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Thread: looks like it's low-grade glioma

  1. #1
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    looks like it's low-grade glioma

    I posted a few weeks ago about a possible low-grade glioma (in the right frontal lobe, measuring roughly 1.5 x 2.5 cm). After my first scan in August, a local neurosurgeon told us it was probably glioma, but that it was no big deal and not to worry about it. He ordered another scan in December. The mass is still there, but this time he said it was very unlikely to be a tumor, that he had no idea what it was but maybe I'd bumped my head as a child. We asked around through a neuropsychologist friend and got the name of a neurosurgeon at the Nebraska Medical Center in Omaha who recently completed a neurosurgical oncology fellowship at MD Anderson. Last week we saw her for a second opinion.

    She was excellent – very focused and informative, and also very human. Unfortunately, she feels strongly that this is a neoplasia of some sort; low-grade astrocytoma is number 1 in her differential diagnosis. According to her, the MRI evidence is totally inconsistent with old head injury and she has no idea why anyone would tell us that. She feels that the lesion may have grown a few millimeters during the four months between scan, but it's hard to say since different machines were used for the two scans.

    The tumor is very accessible to resection and not too close to the eloquent areas. She doesn't want to do a biopsy; her opinion is that for a resectable tumor like this (which begins right under the dura) you just do the craniotomy and take it out. Then you can send off the whole thing for pathology and get a better representation. Why do two brain surgeries?

    We were given the choice to 1) do the surgery now, or 2) watch and wait till the tumor grows or changes. We've chosen to rescan in June. If there's growth at that time, we'll discuss whether to schedule the surgery then or rescan at a 3 mo interval. She doesn't recommend just leaving it alone, I think because it's so resectable and because of the risk of progression.

    Although we have a lot of confidence in her, I am pursuing a free scan review just to be sure we're on the right track. I have an old friend whose husband is a neuroradiology fellow at Stanford, and he is looking into the scan review process for me. We also struggle a bit about whether we're ok with this surgeon in our home state or need to look elsewhere. It would be really hard to travel for treatment, since we have two small children (our son is almost 2; daughter is 4 1/2). This doctor was specifically hired to build a brain tumor program in Omaha; but that program is still maturing. They do have a full neurosurg, neurooncology, radiation oncology, and neuropsych team. And the tumor apparently will not be very challenging to resect.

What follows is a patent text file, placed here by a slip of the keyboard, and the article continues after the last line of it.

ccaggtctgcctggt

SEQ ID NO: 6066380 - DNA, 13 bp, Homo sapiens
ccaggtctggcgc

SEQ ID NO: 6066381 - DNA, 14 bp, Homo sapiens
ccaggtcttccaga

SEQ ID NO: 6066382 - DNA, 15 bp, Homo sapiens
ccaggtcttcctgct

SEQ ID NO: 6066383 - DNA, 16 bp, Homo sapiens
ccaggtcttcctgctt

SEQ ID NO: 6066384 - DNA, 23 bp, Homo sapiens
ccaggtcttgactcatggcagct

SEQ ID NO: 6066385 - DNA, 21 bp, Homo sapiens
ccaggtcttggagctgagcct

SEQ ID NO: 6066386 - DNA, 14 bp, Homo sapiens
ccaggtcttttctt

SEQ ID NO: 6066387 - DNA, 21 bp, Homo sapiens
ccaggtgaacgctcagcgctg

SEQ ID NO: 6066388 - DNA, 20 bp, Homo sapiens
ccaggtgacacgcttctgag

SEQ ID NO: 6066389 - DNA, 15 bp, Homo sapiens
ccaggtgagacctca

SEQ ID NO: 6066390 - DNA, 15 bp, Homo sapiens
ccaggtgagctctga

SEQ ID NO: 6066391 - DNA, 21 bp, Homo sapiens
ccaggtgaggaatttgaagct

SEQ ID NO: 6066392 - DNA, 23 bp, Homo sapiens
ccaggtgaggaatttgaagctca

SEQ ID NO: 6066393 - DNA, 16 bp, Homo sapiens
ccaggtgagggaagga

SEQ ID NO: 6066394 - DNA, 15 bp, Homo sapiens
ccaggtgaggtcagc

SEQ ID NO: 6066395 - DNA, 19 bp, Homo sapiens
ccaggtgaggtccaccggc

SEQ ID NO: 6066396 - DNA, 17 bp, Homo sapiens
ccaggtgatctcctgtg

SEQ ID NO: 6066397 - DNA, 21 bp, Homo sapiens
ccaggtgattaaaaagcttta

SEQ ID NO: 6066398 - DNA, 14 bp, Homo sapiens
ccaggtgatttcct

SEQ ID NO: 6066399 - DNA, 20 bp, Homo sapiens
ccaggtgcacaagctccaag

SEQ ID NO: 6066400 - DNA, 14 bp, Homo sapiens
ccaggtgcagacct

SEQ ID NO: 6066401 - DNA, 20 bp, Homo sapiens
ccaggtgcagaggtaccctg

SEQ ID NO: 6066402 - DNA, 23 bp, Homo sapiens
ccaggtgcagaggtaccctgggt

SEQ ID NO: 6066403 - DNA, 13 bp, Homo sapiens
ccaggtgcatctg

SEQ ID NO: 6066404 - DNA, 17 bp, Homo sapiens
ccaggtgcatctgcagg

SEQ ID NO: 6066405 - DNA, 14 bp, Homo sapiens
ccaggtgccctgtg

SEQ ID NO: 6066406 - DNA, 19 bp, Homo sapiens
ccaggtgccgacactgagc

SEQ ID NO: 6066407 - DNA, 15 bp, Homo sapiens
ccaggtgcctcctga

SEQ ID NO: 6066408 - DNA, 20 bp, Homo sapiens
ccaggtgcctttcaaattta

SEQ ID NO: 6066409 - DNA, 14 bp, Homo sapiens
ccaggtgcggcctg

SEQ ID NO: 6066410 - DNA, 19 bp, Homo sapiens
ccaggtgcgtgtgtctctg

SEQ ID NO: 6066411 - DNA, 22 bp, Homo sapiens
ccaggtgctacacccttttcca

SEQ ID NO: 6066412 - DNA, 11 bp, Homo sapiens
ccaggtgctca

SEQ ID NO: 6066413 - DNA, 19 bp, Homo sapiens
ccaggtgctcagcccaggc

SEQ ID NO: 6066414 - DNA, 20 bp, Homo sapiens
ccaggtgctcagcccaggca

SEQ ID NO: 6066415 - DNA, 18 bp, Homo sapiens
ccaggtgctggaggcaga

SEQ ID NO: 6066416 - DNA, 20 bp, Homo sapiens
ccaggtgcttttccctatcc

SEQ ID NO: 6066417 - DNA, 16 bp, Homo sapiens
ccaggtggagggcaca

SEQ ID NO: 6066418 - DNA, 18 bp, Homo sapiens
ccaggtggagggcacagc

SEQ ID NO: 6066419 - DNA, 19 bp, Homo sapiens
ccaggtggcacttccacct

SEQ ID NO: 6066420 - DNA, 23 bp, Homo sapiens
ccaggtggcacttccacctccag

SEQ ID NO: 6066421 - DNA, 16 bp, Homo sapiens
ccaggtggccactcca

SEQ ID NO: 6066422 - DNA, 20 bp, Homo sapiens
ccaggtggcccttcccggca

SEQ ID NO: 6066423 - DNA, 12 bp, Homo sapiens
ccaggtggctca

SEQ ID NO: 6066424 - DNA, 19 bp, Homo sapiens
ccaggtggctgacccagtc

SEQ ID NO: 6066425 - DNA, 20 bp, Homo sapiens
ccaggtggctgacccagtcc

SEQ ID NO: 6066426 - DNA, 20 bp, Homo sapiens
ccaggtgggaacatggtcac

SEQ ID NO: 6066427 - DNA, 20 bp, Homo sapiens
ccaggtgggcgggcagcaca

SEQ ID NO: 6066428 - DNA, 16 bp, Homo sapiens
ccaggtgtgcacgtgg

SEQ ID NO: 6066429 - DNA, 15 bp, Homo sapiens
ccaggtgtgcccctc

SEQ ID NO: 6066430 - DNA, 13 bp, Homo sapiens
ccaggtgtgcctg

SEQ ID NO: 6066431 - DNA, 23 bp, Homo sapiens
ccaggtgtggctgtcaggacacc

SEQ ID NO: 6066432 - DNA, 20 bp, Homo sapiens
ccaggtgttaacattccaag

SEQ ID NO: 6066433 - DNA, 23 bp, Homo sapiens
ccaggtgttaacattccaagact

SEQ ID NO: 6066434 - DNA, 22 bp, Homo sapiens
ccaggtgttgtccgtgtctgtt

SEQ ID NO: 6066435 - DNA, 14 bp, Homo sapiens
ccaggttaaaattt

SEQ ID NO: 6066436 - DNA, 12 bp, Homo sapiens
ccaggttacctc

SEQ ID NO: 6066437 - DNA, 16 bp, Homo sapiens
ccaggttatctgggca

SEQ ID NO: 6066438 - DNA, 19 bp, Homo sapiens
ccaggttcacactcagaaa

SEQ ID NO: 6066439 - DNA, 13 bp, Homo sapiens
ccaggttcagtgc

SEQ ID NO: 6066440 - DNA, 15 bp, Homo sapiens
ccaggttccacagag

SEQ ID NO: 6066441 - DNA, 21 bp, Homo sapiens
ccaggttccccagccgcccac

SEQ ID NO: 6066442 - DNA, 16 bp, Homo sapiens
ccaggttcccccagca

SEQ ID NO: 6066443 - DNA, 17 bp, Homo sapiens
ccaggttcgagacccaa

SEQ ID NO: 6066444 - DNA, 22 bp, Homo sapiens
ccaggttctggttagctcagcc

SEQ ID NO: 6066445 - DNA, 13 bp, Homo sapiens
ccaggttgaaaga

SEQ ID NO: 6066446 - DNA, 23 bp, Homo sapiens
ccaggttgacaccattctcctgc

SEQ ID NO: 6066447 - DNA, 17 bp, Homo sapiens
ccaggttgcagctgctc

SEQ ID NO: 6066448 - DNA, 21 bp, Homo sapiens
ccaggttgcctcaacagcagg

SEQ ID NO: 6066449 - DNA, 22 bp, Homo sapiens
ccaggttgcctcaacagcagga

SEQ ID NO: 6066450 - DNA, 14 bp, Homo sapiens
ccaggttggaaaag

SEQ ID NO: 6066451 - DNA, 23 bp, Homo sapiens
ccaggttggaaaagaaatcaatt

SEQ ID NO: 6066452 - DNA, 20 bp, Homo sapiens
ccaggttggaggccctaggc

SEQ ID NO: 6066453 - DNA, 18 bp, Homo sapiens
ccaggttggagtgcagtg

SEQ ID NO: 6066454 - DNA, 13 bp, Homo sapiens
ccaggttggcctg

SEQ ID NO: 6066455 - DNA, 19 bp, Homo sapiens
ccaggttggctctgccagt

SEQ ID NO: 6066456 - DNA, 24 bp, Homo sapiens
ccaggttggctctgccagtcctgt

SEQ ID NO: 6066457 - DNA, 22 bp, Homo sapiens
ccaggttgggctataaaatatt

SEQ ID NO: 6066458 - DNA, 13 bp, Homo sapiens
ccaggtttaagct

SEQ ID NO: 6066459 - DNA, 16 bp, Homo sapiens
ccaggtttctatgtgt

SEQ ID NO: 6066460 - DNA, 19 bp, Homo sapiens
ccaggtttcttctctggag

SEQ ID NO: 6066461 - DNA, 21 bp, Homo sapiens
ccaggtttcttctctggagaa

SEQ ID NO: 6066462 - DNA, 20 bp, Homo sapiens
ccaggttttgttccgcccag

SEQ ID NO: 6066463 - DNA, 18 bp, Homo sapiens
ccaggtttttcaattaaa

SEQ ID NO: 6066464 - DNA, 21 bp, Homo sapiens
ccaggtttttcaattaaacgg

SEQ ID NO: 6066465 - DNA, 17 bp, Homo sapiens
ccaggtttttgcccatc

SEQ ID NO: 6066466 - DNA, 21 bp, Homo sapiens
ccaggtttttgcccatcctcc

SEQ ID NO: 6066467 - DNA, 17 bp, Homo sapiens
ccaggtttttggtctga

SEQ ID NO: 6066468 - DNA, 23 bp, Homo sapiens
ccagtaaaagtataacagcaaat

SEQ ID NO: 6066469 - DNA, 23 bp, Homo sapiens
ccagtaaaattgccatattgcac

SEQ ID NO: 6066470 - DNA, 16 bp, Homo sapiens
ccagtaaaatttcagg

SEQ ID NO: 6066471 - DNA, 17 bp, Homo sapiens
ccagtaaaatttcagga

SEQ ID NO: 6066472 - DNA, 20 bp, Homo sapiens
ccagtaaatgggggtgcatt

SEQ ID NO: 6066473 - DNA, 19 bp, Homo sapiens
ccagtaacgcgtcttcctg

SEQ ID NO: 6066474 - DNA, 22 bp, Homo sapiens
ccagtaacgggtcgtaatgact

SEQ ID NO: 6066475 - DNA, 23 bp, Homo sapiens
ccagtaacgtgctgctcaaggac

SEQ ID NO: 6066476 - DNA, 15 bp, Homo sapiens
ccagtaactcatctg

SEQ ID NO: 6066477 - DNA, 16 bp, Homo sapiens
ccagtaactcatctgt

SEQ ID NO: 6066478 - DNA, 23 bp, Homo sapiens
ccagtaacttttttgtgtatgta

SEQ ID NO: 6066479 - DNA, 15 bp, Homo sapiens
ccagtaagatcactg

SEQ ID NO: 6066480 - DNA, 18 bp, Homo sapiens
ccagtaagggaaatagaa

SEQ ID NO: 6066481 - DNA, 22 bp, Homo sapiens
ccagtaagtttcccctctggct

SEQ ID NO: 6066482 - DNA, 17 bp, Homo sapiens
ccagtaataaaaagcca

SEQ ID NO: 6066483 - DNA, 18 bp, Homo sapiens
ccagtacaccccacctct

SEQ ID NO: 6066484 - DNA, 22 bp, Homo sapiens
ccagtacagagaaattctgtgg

Right now I spend a fair amount of time quietly freaking out. Is this really happening? Are we doing the right thing by waiting? What if it's actually grade III - is it better to know that now? What's it like to have a craniotomy? My husband and I are trying to sort out how to communicate with each other, since he is currently in a state of semi-denial and wants me to just ‘think positively'. I know it's great news that the tumor is small, resectable, and was caught early .... I should mostly just be grateful ....but I can't help grieving for the nice boring predictable life I had a week ago.
    Amy (39)
    *low-grade oligoastrocytoma in right frontal lobe, with 1p/19q codeletion and early anaplastic features (first observed Aug. 2007; diagnosed Jan. 200
    *gross total resection July 2008 at Mayo Clinic
    http://cancerforums.net/viewtopic.php?p=28526

  2. #2
    Administrator Top User brainman's Avatar
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    Amy, I am very sorry about your health concerns. If you read my story (links in my signature block) you will see that I have a lot of experience with gliomas. In addition to my own battle with my glioma, my mother died of a GBM IV in 1998... six years after my own diagnosis.

    I totally agree with your neurosurgeon (for whatever that is worth). My own choice would be to have it removed as soon as possible. There is no way for anyone to be sure what it is without a biopsy (a resection is just a "total biopsy" ). When I was first diagnosed, I signed all the necessary paperwork for my neurosurgeon to totally remove all the cancer necessary in order to have clear margins. However, when he actually got in there, he realized that he would possibly cause a lot of damage to an otherwise healthy man, so he only did a biopsy and recommended chemotherapy. I was fortunate to have the 1p/19q gene deletion (although he and I did not know that it the time), so I responded very well to chemotherapy. Chemo was not easy by any means, but here I am, a 15 year survivor. It did recur in 2005 and at a higher grade so they did take out all that they could followed by stereotactic radiation therapy.

    So, my suggestion is to:
    Go with surgery now (allowing the doctor to make her own decision about how much to remove once she actually sees the cancer)
    Ask for a genetics test to see if you have the 1p/19q gene deletions.
    Ask about the appropriateness of radiation therapy. Most likely they will not recommend this until they check to see what stage it is.